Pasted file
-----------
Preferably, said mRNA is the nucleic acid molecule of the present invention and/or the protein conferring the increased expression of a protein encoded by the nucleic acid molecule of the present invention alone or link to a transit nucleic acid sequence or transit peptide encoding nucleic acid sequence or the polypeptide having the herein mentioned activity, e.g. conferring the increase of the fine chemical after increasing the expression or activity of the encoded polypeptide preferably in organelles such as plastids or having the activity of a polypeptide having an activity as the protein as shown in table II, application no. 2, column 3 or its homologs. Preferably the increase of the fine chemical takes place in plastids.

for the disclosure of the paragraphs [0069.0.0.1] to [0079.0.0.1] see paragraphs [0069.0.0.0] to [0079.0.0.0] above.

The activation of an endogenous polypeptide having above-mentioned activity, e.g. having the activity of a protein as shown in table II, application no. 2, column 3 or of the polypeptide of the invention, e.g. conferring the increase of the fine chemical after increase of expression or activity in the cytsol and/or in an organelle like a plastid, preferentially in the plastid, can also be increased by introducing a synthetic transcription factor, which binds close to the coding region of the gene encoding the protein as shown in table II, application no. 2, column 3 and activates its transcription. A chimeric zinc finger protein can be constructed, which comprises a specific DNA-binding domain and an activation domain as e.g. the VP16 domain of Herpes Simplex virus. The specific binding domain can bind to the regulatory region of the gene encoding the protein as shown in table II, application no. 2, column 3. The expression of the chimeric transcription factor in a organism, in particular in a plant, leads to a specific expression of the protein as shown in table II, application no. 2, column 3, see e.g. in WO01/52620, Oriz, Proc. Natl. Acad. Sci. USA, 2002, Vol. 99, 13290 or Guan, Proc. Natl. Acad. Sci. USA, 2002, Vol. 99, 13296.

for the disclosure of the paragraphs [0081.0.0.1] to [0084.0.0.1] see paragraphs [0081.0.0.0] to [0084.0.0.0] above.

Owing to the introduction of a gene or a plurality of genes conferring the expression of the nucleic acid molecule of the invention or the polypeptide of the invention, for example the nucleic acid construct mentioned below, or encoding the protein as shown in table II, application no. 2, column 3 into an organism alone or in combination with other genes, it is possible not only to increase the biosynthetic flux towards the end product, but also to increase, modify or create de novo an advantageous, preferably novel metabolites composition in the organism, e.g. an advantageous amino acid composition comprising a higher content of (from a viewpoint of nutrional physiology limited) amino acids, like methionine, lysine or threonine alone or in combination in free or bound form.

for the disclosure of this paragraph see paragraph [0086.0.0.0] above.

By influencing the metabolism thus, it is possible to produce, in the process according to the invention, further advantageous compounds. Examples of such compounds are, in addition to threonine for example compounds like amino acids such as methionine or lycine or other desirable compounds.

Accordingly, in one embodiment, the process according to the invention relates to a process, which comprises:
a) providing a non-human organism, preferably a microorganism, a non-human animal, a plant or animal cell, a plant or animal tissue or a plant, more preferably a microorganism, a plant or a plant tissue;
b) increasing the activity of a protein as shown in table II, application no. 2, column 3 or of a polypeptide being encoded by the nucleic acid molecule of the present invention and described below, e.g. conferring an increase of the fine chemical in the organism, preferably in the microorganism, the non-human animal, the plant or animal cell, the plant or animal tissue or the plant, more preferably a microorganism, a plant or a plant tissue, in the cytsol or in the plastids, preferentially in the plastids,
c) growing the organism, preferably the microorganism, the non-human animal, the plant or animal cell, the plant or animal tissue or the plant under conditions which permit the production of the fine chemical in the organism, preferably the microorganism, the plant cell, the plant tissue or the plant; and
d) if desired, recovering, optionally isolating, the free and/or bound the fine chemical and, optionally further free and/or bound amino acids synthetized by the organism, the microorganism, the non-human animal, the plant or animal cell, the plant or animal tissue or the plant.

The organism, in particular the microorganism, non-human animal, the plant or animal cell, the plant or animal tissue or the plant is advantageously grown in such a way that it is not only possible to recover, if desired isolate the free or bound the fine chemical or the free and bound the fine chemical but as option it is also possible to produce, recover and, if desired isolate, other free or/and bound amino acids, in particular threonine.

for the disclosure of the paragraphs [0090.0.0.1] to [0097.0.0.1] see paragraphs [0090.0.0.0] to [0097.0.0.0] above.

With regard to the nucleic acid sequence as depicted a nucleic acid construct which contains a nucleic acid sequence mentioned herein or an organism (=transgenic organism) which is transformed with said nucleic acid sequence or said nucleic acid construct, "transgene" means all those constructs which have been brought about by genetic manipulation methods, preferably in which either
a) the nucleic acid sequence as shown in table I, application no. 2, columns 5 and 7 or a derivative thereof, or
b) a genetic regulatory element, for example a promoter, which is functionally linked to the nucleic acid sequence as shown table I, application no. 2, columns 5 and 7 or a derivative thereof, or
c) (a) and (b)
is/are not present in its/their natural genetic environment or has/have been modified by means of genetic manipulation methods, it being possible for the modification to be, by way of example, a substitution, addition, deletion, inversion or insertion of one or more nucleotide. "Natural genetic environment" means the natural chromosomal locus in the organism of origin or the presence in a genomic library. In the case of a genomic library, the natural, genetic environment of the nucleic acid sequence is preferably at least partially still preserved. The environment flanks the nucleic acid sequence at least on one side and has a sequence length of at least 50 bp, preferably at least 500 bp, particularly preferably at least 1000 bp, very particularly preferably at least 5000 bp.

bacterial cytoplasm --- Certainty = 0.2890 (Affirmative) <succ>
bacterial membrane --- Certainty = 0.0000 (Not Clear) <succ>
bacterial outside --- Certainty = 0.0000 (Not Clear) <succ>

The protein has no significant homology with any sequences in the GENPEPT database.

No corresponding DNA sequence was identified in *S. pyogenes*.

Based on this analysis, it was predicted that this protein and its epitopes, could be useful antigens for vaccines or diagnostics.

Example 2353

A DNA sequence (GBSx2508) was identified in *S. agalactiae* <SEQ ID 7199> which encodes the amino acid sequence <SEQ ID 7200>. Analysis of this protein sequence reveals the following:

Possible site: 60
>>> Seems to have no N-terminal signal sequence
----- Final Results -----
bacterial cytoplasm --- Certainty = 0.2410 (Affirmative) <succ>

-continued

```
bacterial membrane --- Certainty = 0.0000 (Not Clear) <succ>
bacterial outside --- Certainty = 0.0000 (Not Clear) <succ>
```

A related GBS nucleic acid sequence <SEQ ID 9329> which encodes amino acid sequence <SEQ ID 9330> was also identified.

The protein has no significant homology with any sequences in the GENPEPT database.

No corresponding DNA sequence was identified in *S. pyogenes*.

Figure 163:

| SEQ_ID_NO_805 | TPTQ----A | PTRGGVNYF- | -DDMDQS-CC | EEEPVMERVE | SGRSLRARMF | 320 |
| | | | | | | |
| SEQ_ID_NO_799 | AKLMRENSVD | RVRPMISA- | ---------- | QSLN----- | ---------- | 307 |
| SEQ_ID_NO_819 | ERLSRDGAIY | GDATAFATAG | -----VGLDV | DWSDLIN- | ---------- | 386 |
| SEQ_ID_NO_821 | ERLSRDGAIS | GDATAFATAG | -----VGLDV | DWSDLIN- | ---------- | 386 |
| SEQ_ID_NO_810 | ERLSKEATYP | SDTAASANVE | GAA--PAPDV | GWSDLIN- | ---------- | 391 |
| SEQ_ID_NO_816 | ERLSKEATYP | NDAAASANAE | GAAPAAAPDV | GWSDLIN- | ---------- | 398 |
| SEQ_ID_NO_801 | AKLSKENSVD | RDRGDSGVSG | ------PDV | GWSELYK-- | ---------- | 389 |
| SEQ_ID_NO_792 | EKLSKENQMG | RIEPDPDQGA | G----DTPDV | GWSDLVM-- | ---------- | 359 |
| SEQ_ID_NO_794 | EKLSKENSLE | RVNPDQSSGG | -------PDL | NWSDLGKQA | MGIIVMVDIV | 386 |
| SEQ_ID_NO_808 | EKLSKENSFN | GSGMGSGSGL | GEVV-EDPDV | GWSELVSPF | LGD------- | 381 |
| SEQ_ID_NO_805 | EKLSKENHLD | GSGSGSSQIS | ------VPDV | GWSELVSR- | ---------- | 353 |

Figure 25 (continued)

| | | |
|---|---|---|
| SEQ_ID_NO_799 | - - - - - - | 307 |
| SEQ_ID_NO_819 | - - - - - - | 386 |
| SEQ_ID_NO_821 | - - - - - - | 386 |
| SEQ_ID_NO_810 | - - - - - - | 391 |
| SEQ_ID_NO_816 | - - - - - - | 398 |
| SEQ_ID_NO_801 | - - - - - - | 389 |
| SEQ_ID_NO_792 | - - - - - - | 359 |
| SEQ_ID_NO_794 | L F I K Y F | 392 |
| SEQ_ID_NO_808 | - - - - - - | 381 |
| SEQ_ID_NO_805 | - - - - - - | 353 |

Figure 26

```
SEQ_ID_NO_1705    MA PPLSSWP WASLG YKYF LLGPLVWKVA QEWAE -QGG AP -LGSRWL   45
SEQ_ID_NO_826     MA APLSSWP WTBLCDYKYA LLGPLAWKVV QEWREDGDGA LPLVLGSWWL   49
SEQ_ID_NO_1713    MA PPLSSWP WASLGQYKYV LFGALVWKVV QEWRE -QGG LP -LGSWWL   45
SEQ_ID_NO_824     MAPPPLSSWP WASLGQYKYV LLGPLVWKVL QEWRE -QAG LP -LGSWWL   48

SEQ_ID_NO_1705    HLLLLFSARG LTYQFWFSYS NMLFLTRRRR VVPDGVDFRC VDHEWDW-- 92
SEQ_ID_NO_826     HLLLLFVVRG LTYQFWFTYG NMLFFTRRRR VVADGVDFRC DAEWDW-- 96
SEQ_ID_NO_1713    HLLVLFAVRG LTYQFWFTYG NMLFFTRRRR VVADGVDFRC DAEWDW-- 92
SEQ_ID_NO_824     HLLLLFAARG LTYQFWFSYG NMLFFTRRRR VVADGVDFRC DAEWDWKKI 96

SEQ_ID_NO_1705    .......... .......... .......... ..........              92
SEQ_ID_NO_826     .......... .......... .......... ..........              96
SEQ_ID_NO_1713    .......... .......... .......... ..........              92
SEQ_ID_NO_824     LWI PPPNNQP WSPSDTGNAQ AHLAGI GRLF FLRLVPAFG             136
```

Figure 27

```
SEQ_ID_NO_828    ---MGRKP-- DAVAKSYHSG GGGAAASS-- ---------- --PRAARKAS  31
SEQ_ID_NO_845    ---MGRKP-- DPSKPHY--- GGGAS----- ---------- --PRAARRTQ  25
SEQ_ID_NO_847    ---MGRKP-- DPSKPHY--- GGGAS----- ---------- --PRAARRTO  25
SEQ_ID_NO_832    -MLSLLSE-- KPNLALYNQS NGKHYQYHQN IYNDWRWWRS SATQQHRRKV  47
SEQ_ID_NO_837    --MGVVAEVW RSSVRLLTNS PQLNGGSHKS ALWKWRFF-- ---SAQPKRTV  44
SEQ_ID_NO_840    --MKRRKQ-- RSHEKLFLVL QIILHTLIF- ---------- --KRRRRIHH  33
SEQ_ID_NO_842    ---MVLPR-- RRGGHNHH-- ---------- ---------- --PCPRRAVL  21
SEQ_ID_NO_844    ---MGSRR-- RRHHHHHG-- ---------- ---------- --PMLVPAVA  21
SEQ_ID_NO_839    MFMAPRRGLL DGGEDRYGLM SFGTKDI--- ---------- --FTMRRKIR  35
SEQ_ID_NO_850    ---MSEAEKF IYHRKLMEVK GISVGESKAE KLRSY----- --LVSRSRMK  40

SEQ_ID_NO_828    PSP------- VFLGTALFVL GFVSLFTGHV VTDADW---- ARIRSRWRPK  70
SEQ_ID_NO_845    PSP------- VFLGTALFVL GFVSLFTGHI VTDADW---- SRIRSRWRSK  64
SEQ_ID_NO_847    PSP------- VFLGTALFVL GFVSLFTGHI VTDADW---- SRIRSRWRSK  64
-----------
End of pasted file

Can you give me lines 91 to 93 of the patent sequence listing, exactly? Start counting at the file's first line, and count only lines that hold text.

SEQ_ID_NO_839    MFMAPRRGLL DGGEDRYGLM SFGTKDI--- ---------- --FTMRRKIR  35
SEQ_ID_NO_850    ---MSEAEKF IYHRKLMEVK GISVGESKAE KLRSY----- --LVSRSRMK  40

SEQ_ID_NO_828    PSP------- VFLGTALFVL GFVSLFTGHV VTDADW---- ARIRSRWRPK  70